What Gets Rid of Heartburn Fast?

Reviewed on 7/14/2021

Histamine 2 (H2) Receptor Blockers

Dietary changes, home remedies, and medications can help to alleviate heartburn symptoms.
Dietary changes, home remedies, and medications can help to alleviate heartburn symptoms.
  • These medications work to reduce the amount of acid made in the stomach. Although they do not work as quickly as antacids, they provide longer relief for up to 12 hours.
  • Examples of these include Pepcid AC, Tagamet HB, Zantac, and Axid AR.
  • Although most people have no problems taking them, their long-term use can cause vitamin B12 deficiency and an increased risk of bone fractures.

Proton Pump Inhibitors (PPIs)

  • This class of medications blocks acid production. PPIs help heal any damage caused to the lining of the esophagus.
  • PPIs are much stronger than H2 receptor blockers and include Prevacid, Prilosec, Protonix, and Zegerid.
  • Overuse of PPIs can cause diarrhea, nausea, vitamin B12 deficiency, and an increased risk of bone fractures.

Baclofen

  • This medication strengthens the lower esophageal sphincter muscle. However, it may cause nausea and fatigue in some people.

In rare cases, surgical procedures are required to help with severe heartburn symptoms.

Are There Home Remedies for Heartburn?

Apart from the above-mentioned treatments, patients with heartburn may try the following remedies.

  • Reducing weight and maintaining a healthy lifestyle
  • Smoking cessation
  • Controlling the intake of carbonated beverages
  • Eating sparingly and slowly
  • Avoiding certain foods such as mint, fatty foods, spicy foods, tomatoes, onions, garlic, coffee, tea, chocolate and alcohol
  • Stay up after eating. Doctors recommend to finish eating 3 hours before going to bed. This means no naps after lunch, late suppers, or midnight snacks.
  • Avoiding vigorous exercise or a strenuous workout for a couple of hours after eating can curb the symptoms of acid reflux.
  • Some medications such as postmenopausal estrogen, tricyclic antidepressants, and anti-inflammatory painkillers can relax the sphincter or irritate the esophagus. Identifying and curbing such medications after discussing with the doctor can curb acid reflux symptoms.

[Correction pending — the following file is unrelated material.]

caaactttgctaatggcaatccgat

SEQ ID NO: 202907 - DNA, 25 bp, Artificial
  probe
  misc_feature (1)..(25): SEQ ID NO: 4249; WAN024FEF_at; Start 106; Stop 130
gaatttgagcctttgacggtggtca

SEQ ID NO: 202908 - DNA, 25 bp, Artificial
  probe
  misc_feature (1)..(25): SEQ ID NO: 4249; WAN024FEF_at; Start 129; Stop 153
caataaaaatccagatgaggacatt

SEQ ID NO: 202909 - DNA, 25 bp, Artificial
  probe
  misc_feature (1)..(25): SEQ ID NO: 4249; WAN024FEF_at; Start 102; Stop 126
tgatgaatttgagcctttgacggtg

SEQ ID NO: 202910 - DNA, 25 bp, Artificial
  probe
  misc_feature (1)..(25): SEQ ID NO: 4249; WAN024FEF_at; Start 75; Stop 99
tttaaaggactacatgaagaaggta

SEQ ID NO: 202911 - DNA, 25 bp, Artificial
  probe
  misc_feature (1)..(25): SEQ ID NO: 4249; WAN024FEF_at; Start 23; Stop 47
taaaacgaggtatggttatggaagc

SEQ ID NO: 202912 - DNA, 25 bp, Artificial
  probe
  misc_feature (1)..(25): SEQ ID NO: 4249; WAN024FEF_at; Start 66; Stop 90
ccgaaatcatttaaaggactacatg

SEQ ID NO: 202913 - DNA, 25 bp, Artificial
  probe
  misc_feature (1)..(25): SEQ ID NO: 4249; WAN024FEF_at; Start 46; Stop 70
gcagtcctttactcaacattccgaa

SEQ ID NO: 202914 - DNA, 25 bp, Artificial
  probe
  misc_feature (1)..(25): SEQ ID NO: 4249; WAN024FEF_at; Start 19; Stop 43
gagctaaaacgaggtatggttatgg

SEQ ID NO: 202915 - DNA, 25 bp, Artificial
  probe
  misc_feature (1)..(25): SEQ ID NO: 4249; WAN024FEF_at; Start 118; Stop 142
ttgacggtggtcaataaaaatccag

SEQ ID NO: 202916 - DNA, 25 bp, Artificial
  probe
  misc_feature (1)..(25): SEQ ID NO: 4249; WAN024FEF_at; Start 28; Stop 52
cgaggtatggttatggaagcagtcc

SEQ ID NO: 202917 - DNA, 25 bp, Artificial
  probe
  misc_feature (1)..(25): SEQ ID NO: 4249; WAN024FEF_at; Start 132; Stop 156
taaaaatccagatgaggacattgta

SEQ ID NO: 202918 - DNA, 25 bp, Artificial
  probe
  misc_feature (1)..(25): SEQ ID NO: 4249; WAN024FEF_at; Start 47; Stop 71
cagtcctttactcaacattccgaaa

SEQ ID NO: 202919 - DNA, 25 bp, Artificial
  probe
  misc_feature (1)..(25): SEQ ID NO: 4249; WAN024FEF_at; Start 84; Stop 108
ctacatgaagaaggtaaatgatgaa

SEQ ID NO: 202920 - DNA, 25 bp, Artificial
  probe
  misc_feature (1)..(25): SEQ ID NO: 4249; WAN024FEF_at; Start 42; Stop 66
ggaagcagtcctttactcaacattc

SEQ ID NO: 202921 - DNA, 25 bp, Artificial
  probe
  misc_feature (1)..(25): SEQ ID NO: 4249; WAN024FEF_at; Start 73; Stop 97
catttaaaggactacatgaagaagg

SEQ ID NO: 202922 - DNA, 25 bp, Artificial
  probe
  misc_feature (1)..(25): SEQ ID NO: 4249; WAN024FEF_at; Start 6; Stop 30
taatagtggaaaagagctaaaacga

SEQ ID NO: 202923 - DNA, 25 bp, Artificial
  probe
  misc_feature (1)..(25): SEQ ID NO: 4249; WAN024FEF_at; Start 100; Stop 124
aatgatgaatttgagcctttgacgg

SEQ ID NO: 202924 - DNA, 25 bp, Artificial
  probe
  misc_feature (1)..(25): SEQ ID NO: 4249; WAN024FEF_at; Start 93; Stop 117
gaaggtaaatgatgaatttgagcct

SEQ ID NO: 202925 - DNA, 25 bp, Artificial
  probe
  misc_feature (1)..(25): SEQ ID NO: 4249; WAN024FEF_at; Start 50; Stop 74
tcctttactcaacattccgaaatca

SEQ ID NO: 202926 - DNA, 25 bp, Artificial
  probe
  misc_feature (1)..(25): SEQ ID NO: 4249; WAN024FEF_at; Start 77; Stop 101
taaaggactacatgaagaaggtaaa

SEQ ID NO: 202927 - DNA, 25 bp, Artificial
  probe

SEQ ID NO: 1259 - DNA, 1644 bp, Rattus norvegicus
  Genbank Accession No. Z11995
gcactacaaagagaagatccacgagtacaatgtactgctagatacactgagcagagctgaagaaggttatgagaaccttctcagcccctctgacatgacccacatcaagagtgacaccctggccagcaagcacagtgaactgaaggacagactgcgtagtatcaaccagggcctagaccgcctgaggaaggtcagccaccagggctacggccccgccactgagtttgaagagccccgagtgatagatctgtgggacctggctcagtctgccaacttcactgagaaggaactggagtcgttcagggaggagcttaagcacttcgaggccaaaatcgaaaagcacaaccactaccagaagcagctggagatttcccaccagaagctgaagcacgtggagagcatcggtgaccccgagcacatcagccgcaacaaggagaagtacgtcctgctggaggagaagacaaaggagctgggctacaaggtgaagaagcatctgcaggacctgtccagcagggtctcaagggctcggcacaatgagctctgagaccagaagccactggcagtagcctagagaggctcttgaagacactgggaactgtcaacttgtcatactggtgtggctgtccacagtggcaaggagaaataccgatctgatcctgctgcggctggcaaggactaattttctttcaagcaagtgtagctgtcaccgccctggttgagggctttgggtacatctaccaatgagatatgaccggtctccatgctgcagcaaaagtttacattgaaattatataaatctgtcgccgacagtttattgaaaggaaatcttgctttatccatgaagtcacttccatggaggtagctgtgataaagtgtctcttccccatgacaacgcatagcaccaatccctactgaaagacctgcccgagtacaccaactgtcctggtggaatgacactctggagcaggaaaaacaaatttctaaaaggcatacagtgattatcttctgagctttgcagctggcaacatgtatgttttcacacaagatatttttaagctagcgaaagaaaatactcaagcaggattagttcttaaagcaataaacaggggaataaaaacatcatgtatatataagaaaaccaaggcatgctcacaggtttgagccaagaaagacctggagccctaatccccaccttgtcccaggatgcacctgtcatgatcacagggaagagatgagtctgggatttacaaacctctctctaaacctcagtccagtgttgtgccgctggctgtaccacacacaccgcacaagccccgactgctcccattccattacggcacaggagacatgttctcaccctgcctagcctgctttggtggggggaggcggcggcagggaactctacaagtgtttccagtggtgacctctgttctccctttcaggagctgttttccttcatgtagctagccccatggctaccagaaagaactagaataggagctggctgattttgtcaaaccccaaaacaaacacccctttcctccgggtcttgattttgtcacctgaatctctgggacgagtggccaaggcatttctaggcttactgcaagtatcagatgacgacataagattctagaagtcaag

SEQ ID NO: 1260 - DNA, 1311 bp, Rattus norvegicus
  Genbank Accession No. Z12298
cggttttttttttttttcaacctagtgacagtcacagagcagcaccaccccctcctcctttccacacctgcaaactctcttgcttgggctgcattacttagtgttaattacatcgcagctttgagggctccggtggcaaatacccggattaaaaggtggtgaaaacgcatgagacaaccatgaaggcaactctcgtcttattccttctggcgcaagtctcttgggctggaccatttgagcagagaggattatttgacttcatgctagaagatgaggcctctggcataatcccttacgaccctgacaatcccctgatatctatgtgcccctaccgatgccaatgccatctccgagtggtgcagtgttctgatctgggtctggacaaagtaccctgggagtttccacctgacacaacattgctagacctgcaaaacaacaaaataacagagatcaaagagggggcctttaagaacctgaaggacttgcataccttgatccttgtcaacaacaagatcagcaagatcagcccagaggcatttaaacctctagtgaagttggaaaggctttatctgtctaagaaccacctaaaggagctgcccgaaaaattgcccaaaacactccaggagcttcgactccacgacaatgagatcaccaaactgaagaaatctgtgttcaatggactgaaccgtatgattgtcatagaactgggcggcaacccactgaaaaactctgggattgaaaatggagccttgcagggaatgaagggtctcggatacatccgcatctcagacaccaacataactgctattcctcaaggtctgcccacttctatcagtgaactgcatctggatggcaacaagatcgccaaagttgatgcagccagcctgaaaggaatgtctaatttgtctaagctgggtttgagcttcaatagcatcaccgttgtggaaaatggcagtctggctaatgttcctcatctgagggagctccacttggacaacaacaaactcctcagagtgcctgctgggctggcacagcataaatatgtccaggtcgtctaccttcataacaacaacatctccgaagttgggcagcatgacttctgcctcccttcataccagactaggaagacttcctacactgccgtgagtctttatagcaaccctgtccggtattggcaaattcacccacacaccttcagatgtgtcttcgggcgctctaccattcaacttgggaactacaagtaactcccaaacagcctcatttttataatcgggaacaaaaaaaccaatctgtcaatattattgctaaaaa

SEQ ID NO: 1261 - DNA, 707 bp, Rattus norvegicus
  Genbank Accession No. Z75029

• Most acid reflux occurs during sleep. To prevent nighttime attacks, patients may need to position their heads at an angle higher than their abdomen. They must elevate the head of the bed to a minimum of 30 degrees, perhaps with a firm foam rubber wedge or by putting a wooden block under the bedpost. They must avoid lying down flat, especially right after eating.

What Type of Diet Can Fight Heartburn Symptoms?

Heartburn or gastroesophageal reflux disease (GERD) is a condition where acid from the stomach flows back into the esophagus causing irritation of the esophageal lining. Lower esophageal sphincter is a muscle that controls the passage between the esophagus and stomach. Sometimes, this muscle does not close completely, leading acid from the stomach to flow back into the esophagus. This abnormal condition is called GERD. A certain type of food or diet can help fight GERD.

  • Plain water: Consuming water in sips throughout the day can aid the digestion process and curb GERD symptoms.
  • Ginger: A diet or food with ginger can calm an irritated stomach. Ginger tea may also be included in the diet.
  • Oatmeal: It has plenty of soluble fiber and may help people with frequent heartburn issues.
  • Potatoes, carrots, turnips, and parsnips: They are full of healthy complex carbohydrates and digestible fiber that help curb acid reflux.
  • Lettuce and celery: Acid reflux can make us gassy, and foods such as beans and dried fruits can cause GERD. Veggies such as lettuce and celery are low in calories and easy on the stomach, and they won't cause more gas.
  • Fennel: It can help soothe an upset stomach that can be both a cause and symptom of GERD. Patients can roast fennel grains and have a teaspoon, sauté fennel leaves as a side dish, or slice it raw and add it to a salad.
  • Fruits: Including fruits such as apples, pears, and bananas in the diet often help resolve GERD symptoms.

It is common to experience a little heartburn after eating spicy foods or drinking alcohol. It may feel like chest pain or burning after eating, a sour taste in the back of the throat, or hoarseness. However, long-lasting or frequent heartburn symptoms should not be ignored; they may indicate a more serious condition.

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Reviewed on 7/14/2021
References
"Heartburn." Mount Sinai. <https://www.mountsinai.org/health-library/symptoms/heartburn>.